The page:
What's in your credit card statement?

Posted: Updated:

Each month, you receive a statement from your credit card company-whether through the mail or via the web. But do you really take the time to read it? If you did, would you know what to look for?

There's a lot of fine print included in most credit card statements, so it can be tempting to skim the details. However, savvy consumers know that it is well worth the effort to review each and every credit card statement-no matter how little time you have. Reviewing your statement doesn't have to be a daunting task. In fact, if you know what you're looking for, it could be a simple task that takes less than two minutes. The experts at Money Management International (MMI) offer the following three steps to help you navigate your credit card statement.

1. Look for the account summary. If you have time for nothing else, look at this section to determine: your total amount owed, due date, and minimum payment amount. This section will also tell you your available balance-important to know so you don't go over your limit-and the amount of your last payment, which is where you'll want to make sure you were properly credited for your previous payment. Remember to review your transactions. This is important to help you get an idea of where you are spending your money and to keep an eye out for signs of identity theft.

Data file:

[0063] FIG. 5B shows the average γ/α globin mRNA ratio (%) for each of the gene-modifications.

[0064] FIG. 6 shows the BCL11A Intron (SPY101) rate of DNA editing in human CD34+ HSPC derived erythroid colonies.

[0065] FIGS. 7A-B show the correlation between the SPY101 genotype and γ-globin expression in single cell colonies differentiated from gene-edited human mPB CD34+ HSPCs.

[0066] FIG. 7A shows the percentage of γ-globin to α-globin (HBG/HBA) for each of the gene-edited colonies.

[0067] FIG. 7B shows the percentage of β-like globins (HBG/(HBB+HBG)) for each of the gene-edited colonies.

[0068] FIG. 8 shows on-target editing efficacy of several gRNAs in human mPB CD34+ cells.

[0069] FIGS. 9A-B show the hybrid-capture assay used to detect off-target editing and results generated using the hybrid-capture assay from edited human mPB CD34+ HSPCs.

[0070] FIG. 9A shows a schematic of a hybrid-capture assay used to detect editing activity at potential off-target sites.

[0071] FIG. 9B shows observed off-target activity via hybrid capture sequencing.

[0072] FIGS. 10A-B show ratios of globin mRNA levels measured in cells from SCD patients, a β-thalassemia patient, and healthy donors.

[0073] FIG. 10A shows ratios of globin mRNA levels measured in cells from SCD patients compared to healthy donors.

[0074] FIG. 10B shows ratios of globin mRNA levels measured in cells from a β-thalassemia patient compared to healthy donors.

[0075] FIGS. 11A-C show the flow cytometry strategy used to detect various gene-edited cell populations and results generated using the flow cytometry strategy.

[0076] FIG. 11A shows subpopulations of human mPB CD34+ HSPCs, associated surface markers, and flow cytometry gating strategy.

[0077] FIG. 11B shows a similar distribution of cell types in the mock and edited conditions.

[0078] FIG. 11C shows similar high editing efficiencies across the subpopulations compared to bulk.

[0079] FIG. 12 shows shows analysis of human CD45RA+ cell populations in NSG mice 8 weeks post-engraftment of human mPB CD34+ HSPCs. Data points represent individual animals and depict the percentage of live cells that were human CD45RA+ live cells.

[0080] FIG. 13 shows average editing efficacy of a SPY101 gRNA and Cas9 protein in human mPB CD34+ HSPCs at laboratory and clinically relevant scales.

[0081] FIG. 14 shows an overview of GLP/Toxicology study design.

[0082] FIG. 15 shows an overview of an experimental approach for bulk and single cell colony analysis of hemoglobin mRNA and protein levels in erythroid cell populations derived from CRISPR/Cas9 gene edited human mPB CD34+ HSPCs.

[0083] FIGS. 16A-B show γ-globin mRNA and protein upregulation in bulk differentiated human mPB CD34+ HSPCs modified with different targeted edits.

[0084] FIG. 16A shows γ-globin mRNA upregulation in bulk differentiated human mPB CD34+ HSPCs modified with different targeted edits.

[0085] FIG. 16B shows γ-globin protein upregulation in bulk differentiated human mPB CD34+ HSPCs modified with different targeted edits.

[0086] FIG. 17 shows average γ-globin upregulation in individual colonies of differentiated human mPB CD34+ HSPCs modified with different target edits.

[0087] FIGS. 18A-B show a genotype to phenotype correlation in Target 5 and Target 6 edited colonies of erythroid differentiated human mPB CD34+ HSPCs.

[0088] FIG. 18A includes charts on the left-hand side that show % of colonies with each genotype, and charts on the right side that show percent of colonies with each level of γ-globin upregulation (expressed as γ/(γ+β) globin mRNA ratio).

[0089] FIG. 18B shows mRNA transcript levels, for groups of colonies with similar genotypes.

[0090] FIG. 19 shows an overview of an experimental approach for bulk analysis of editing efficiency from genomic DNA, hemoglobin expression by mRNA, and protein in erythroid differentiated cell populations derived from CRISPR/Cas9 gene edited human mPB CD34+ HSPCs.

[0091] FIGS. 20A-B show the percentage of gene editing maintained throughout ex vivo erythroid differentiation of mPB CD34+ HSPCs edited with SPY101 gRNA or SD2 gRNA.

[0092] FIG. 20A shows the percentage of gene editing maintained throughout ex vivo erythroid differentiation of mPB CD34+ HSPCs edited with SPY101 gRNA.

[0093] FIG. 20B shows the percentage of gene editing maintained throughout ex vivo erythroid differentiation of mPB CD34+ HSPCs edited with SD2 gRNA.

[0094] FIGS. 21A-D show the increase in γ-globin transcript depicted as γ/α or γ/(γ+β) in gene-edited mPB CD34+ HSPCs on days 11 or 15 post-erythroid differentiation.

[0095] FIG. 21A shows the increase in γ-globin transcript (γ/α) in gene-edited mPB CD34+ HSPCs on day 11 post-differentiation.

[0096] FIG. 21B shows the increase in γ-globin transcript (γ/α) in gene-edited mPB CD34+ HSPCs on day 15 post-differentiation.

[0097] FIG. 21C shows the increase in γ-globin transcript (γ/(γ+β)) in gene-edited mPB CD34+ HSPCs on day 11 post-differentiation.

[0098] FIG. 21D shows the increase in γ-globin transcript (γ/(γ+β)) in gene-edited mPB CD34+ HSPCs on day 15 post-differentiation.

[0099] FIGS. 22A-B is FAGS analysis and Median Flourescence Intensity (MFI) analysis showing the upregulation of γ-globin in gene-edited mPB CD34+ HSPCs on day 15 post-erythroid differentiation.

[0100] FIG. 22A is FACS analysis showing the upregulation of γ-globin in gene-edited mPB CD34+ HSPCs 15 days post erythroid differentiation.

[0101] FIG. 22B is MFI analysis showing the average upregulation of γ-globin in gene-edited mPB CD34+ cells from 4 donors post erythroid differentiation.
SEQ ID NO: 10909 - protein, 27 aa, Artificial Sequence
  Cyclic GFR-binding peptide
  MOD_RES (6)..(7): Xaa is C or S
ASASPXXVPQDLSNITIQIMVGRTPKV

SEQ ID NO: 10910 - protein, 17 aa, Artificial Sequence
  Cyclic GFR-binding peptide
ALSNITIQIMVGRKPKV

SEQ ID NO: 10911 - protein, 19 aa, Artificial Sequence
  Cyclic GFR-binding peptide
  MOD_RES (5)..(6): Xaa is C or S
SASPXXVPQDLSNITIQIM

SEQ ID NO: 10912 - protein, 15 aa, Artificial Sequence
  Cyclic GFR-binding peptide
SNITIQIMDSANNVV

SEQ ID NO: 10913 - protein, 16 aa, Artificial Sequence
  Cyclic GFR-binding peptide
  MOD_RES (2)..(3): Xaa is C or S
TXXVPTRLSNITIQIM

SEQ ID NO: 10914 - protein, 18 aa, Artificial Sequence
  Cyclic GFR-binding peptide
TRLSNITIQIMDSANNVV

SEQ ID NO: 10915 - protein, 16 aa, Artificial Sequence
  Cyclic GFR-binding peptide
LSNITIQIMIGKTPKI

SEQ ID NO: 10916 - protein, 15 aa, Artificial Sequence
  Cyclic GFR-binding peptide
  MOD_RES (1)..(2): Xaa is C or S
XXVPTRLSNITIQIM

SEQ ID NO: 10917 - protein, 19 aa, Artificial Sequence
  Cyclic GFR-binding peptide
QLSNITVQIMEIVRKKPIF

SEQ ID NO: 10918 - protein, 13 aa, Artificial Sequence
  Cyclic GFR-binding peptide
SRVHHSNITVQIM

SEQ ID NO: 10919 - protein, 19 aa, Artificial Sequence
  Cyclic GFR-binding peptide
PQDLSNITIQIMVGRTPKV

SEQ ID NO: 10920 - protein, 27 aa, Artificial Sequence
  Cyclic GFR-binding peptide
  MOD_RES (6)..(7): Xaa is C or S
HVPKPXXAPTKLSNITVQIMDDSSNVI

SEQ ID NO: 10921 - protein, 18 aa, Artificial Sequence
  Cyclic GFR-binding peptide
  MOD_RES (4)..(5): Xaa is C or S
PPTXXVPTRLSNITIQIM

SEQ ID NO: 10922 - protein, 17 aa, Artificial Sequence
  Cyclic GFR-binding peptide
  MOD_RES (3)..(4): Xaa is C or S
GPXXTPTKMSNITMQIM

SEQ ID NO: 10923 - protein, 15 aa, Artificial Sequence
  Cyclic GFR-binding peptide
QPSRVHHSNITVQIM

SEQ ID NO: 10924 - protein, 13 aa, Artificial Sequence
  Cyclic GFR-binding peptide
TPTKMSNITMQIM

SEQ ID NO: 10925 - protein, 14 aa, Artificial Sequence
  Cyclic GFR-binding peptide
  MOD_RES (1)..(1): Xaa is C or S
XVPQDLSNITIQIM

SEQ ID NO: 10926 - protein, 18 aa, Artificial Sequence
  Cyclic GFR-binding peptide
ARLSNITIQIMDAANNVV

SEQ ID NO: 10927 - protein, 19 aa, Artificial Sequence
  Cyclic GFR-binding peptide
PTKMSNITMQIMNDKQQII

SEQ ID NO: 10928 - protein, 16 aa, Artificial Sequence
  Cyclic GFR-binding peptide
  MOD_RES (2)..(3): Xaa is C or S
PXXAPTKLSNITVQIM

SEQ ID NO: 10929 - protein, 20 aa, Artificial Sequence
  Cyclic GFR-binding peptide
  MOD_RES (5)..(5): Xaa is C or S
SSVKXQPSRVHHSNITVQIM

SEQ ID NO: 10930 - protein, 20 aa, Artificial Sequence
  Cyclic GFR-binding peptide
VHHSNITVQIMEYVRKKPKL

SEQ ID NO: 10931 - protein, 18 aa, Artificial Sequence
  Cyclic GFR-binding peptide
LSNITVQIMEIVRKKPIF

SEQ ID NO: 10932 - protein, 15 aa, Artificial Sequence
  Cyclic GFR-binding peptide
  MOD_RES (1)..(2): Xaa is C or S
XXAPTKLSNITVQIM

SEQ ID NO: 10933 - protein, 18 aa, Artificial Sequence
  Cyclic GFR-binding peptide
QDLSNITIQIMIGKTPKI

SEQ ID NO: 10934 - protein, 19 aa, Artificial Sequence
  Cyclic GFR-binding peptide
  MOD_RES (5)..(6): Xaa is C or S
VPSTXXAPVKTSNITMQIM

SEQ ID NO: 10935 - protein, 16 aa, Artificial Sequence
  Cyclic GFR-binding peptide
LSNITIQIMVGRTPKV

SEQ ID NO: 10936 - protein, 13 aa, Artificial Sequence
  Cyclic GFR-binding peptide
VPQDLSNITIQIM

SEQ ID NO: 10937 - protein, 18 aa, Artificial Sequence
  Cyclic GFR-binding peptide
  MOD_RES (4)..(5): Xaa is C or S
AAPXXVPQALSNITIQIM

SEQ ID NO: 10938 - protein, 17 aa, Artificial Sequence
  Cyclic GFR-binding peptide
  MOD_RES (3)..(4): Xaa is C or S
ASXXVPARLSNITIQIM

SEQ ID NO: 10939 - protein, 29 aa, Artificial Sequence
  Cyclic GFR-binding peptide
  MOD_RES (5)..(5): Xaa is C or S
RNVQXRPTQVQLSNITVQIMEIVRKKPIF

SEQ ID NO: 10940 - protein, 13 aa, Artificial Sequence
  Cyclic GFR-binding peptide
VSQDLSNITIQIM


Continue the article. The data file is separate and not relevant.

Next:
2. Look for the finance charge information. This is very important information because it dictates the cost of using credit. Generally, people are most concerned with their Annual Percentage Rate -- usually listed as APR. Again, do not assume you know your APR. Your credit card might carry different interest rates depending on how you use the card. Interest rates fluctuate depending on economic conditions-even if you have not made a late payment on your card. Notifications by mail regarding changes in terms are required, but it's easy to mistake them for junk mail.

3. Know what's in the fine print. You do not have to read all of this every single month. However, you should read it all at least once. And, if you have questions about anything you have read in your statement, you might find the answers in this fine print. Items usually found in the fine print include.

> How to report your card lost or stolen. > Your grace period - or the amount of time you have before interest begins to accrue. > How to report errors found on your statement. > Purchase protections - some purchases over $50 might qualify for protection if you're dissatisfied with the quality of your purchase.

Even with all of this information, there are still a few things that may be left off your credit card statement that are worth knowing. Some statements may not include information about late fees, which is important to know, as some creditors charge a fee if you are even one day late. Same goes for over the limit fees. To get to this level of detail, refer to your original card member agreement or contact customer service. For more information about reading your statement, visit our -- -- and check out the .